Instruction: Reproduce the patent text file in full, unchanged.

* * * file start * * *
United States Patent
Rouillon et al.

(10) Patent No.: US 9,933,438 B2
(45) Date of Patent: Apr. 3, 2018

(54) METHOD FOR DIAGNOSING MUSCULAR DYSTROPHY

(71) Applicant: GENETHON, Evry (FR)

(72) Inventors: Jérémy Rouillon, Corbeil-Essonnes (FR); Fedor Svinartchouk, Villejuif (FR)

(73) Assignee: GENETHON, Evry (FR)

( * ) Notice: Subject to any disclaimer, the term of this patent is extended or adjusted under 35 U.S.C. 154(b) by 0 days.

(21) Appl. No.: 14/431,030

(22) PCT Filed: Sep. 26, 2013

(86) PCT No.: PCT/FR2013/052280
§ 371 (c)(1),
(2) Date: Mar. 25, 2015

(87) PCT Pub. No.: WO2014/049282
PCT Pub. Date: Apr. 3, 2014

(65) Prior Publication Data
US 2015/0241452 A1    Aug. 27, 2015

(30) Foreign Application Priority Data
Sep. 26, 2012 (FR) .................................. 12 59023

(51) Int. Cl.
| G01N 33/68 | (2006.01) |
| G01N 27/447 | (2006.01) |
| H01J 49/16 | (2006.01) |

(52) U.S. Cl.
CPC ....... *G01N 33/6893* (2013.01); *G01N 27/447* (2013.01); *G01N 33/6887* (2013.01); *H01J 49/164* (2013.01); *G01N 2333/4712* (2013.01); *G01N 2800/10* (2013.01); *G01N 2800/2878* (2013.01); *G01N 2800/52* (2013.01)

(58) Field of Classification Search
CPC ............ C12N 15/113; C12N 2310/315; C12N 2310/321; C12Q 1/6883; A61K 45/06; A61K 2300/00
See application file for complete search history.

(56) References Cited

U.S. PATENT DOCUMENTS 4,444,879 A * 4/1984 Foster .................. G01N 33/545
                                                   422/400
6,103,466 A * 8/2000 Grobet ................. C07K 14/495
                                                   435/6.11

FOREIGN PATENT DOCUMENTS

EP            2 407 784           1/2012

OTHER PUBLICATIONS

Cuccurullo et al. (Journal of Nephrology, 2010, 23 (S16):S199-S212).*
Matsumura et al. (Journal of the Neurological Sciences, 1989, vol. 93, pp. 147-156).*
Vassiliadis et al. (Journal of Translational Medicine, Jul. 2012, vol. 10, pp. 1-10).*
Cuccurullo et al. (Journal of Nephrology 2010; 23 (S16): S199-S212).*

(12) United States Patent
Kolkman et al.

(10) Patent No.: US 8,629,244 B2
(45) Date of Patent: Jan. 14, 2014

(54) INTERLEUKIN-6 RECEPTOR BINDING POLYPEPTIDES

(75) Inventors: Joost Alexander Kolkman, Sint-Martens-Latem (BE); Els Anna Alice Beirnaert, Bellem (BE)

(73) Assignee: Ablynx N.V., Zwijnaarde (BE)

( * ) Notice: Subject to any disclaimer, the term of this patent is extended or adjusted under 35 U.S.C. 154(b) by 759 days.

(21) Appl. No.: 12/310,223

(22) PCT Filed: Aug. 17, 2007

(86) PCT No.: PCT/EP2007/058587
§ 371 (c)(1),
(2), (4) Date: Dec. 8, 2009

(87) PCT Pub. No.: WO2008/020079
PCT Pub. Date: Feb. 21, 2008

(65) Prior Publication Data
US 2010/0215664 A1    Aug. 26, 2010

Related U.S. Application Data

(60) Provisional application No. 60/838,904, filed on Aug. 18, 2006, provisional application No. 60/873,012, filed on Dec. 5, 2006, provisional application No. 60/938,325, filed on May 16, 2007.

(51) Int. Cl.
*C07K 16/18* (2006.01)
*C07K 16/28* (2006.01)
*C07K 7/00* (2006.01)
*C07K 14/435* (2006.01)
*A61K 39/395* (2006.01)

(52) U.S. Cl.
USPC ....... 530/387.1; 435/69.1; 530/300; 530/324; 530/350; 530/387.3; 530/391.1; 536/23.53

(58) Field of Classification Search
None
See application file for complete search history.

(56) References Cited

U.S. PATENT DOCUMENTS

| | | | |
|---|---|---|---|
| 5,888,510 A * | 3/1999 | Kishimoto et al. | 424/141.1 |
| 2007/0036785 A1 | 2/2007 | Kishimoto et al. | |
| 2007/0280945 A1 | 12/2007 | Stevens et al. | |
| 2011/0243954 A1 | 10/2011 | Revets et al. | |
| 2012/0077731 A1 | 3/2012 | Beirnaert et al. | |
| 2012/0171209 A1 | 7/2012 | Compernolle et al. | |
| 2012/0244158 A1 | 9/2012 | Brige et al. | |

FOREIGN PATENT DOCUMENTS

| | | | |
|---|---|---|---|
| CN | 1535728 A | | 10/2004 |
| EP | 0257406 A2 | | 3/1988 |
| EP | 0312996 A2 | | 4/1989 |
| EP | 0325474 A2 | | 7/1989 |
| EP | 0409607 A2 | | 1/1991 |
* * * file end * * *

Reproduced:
United States Patent
Rouillon et al.

(10) Patent No.: US 9,933,438 B2
(45) Date of Patent: Apr. 3, 2018

(54) METHOD FOR DIAGNOSING MUSCULAR DYSTROPHY

(71) Applicant: GENETHON, Evry (FR)

(72) Inventors: Jérémy Rouillon, Corbeil-Essonnes (FR); Fedor Svinartchouk, Villejuif (FR)

(73) Assignee: GENETHON, Evry (FR)

( * ) Notice: Subject to any disclaimer, the term of this patent is extended or adjusted under 35 U.S.C. 154(b) by 0 days.

(21) Appl. No.: 14/431,030

(22) PCT Filed: Sep. 26, 2013

(86) PCT No.: PCT/FR2013/052280
§ 371 (c)(1),
(2) Date: Mar. 25, 2015

(87) PCT Pub. No.: WO2014/049282
PCT Pub. Date: Apr. 3, 2014

(65) Prior Publication Data
US 2015/0241452 A1    Aug. 27, 2015

(30) Foreign Application Priority Data
Sep. 26, 2012 (FR) .................................. 12 59023

(51) Int. Cl.
| G01N 33/68 | (2006.01) |
| G01N 27/447 | (2006.01) |
| H01J 49/16 | (2006.01) |

(52) U.S. Cl.
CPC ....... *G01N 33/6893* (2013.01); *G01N 27/447* (2013.01); *G01N 33/6887* (2013.01); *H01J 49/164* (2013.01); *G01N 2333/4712* (2013.01); *G01N 2800/10* (2013.01); *G01N 2800/2878* (2013.01); *G01N 2800/52* (2013.01)

(58) Field of Classification Search
CPC ............ C12N 15/113; C12N 2310/315; C12N 2310/321; C12Q 1/6883; A61K 45/06; A61K 2300/00
See application file for complete search history.

(56) References Cited

U.S. PATENT DOCUMENTS 4,444,879 A * 4/1984 Foster .................. G01N 33/545
                                                   422/400
6,103,466 A * 8/2000 Grobet ................. C07K 14/495
                                                   435/6.11

FOREIGN PATENT DOCUMENTS

EP            2 407 784           1/2012

OTHER PUBLICATIONS

Cuccurullo et al. (Journal of Nephrology, 2010, 23 (S16):S199-S212).*
Matsumura et al. (Journal of the Neurological Sciences, 1989, vol. 93, pp. 147-156).*
Vassiliadis et al. (Journal of Translational Medicine, Jul. 2012, vol. 10, pp. 1-10).*
Cuccurullo et al. (Journal of Nephrology 2010; 23 (S16): S199-S212).*

(12) United States Patent
Kolkman et al.

(10) Patent No.: US 8,629,244 B2
(45) Date of Patent: Jan. 14, 2014

(54) INTERLEUKIN-6 RECEPTOR BINDING POLYPEPTIDES

(75) Inventors: Joost Alexander Kolkman, Sint-Martens-Latem (BE); Els Anna Alice Beirnaert, Bellem (BE)

(73) Assignee: Ablynx N.V., Zwijnaarde (BE)

( * ) Notice: Subject to any disclaimer, the term of this patent is extended or adjusted under 35 U.S.C. 154(b) by 759 days.

(21) Appl. No.: 12/310,223

(22) PCT Filed: Aug. 17, 2007

(86) PCT No.: PCT/EP2007/058587
§ 371 (c)(1),
(2), (4) Date: Dec. 8, 2009

(87) PCT Pub. No.: WO2008/020079
PCT Pub. Date: Feb. 21, 2008

(65) Prior Publication Data
US 2010/0215664 A1    Aug. 26, 2010

Related U.S. Application Data

(60) Provisional application No. 60/838,904, filed on Aug. 18, 2006, provisional application No. 60/873,012, filed on Dec. 5, 2006, provisional application No. 60/938,325, filed on May 16, 2007.

(51) Int. Cl.
*C07K 16/18* (2006.01)
*C07K 16/28* (2006.01)
*C07K 7/00* (2006.01)
*C07K 14/435* (2006.01)
*A61K 39/395* (2006.01)

(52) U.S. Cl.
USPC ....... 530/387.1; 435/69.1; 530/300; 530/324; 530/350; 530/387.3; 530/391.1; 536/23.53

(58) Field of Classification Search
None
See application file for complete search history.

(56) References Cited

U.S. PATENT DOCUMENTS

| | | | |
|---|---|---|---|
| 5,888,510 A * | 3/1999 | Kishimoto et al. | 424/141.1 |
| 2007/0036785 A1 | 2/2007 | Kishimoto et al. | |
| 2007/0280945 A1 | 12/2007 | Stevens et al. | |
| 2011/0243954 A1 | 10/2011 | Revets et al. | |
| 2012/0077731 A1 | 3/2012 | Beirnaert et al. | |
| 2012/0171209 A1 | 7/2012 | Compernolle et al. | |
| 2012/0244158 A1 | 9/2012 | Brige et al. | |

FOREIGN PATENT DOCUMENTS

| | | | |
|---|---|---|---|
| CN | 1535728 A | | 10/2004 |
| EP | 0257406 A2 | | 3/1988 |
| EP | 0312996 A2 | | 4/1989 |
| EP | 0325474 A2 | | 7/1989 |
| EP | 0409607 A2 | | 1/1991 |